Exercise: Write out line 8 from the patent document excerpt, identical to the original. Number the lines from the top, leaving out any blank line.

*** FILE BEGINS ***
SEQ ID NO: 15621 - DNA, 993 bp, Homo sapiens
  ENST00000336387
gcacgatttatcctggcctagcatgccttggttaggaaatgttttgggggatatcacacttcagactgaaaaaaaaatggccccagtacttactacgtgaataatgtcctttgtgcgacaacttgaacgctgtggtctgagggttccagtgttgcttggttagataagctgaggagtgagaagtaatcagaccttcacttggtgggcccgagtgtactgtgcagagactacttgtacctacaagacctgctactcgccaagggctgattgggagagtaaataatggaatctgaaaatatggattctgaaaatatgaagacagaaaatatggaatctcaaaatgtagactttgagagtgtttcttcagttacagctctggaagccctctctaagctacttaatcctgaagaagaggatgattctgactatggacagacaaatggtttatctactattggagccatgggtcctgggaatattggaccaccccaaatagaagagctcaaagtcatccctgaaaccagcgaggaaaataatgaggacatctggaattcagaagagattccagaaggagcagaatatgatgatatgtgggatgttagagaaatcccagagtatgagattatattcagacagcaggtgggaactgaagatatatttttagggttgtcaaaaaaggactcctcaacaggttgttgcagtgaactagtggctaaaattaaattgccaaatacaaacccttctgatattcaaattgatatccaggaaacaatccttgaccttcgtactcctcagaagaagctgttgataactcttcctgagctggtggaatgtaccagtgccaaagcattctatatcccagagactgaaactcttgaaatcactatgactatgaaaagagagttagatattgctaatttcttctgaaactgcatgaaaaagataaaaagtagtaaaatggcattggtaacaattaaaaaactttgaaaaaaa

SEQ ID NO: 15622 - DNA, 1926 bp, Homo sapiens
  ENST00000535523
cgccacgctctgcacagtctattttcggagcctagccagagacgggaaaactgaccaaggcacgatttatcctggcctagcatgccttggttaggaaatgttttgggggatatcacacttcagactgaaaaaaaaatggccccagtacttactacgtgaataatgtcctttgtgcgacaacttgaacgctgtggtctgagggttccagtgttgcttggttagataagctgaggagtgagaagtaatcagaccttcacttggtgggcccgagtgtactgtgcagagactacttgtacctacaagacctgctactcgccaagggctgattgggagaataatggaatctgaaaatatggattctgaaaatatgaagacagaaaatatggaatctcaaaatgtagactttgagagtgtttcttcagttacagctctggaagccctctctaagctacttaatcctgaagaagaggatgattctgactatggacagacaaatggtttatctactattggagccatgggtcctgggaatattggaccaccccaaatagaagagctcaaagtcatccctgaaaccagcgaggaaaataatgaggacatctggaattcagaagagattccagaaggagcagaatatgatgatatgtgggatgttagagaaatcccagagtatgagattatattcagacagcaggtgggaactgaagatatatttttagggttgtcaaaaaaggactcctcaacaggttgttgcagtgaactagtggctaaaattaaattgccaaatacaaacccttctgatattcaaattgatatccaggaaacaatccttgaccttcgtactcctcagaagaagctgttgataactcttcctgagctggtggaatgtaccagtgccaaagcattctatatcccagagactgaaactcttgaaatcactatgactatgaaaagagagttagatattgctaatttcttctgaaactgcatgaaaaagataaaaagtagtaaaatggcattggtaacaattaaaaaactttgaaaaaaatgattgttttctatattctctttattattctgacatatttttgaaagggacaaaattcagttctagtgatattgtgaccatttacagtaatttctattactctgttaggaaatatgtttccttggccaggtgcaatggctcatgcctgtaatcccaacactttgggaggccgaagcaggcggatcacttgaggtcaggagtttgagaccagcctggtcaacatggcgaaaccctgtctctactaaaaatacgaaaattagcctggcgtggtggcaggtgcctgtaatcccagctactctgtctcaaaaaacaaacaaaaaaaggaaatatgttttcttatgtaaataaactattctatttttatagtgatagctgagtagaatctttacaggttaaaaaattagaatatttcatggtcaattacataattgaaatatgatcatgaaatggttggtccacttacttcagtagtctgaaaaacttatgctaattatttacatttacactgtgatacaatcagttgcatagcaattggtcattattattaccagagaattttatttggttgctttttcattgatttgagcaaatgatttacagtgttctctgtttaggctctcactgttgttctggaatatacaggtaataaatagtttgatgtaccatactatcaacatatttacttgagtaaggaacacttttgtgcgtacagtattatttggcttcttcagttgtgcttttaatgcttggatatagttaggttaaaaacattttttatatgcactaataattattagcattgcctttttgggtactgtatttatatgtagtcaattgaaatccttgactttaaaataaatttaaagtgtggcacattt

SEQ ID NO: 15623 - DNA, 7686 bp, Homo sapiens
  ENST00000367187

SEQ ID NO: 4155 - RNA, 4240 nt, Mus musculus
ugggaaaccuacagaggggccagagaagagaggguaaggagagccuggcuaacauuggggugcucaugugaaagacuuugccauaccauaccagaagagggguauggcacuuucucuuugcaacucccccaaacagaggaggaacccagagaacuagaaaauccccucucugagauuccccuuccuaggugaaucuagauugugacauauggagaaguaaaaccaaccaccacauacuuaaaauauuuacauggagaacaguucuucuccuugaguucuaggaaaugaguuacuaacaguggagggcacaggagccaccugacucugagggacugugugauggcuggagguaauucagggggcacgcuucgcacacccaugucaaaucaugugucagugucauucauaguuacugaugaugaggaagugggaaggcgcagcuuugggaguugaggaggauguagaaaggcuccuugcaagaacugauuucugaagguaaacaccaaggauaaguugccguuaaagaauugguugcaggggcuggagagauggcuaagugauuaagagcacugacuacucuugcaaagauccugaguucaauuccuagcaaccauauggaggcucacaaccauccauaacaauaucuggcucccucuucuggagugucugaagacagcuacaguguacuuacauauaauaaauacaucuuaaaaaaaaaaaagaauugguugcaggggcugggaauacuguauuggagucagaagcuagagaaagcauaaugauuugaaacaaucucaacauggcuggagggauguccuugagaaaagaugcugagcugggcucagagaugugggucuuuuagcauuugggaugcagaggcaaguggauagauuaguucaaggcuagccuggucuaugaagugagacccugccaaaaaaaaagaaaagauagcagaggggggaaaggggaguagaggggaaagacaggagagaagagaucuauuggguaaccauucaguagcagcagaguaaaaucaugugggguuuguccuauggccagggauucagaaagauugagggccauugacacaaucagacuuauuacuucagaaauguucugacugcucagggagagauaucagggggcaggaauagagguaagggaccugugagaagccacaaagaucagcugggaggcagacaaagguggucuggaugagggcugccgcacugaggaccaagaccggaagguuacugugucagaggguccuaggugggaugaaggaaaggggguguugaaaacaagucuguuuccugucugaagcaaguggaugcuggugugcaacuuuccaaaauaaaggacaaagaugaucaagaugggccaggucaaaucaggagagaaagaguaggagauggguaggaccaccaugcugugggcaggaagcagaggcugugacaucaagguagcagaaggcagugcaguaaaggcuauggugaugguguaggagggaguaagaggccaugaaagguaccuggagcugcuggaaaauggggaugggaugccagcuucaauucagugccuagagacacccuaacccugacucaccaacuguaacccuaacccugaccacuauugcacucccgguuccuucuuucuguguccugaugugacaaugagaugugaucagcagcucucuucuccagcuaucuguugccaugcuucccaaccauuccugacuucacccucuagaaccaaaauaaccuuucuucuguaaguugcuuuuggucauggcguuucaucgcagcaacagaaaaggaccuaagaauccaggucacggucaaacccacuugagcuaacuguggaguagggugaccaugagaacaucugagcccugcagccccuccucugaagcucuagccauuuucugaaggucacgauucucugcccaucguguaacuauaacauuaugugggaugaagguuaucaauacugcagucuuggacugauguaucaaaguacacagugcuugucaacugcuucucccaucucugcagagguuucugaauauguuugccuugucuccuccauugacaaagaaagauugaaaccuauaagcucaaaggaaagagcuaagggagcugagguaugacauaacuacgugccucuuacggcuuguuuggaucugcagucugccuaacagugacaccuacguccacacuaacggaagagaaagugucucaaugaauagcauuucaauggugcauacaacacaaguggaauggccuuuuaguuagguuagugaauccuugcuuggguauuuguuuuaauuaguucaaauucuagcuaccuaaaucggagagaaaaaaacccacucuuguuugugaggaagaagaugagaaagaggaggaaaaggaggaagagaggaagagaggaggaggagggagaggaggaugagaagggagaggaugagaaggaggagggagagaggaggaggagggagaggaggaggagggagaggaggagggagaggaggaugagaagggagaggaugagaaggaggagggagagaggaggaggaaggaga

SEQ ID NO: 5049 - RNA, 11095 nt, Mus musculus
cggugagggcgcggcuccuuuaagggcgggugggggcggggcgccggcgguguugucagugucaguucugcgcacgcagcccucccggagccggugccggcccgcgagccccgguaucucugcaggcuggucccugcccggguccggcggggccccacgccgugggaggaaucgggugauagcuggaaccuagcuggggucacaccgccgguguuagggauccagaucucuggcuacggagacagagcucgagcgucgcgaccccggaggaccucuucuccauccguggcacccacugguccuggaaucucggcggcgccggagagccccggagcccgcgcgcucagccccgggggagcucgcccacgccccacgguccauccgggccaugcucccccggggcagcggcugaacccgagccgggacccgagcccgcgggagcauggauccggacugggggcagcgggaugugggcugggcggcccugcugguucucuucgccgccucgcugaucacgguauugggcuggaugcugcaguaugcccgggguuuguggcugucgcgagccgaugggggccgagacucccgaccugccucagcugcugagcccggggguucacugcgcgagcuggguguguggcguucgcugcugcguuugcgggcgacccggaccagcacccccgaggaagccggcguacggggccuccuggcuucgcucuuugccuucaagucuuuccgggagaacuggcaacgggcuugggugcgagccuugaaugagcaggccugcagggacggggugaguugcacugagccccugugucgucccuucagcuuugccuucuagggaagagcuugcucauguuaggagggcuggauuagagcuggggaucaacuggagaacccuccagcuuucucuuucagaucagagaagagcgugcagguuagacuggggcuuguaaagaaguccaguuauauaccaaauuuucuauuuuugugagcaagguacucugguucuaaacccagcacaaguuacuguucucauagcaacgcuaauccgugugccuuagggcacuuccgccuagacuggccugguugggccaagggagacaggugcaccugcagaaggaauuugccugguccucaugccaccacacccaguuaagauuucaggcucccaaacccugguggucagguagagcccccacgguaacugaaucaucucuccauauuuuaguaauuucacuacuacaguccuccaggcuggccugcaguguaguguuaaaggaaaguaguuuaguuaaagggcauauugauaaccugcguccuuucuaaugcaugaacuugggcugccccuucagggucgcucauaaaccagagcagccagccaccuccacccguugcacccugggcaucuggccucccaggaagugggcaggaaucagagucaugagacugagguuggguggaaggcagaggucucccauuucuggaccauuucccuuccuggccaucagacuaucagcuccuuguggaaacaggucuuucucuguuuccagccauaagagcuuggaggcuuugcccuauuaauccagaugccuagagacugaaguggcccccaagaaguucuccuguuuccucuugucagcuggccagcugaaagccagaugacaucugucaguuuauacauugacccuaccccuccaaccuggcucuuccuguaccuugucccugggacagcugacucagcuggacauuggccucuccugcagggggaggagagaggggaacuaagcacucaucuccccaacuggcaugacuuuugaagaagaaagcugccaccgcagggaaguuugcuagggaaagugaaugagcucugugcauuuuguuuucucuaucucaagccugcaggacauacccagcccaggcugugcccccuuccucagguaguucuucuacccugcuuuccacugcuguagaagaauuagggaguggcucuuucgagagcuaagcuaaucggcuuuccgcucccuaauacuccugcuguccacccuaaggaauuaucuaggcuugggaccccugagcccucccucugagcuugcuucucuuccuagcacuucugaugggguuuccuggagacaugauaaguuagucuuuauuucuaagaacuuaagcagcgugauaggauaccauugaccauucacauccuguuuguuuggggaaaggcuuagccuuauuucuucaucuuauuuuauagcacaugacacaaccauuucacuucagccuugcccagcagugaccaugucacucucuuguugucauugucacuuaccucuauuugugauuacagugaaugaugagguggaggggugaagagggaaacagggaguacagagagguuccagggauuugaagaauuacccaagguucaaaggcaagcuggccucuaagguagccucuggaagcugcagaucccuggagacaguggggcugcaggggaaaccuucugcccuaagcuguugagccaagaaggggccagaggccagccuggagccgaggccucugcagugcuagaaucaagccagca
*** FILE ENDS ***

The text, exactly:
  ENST00000367187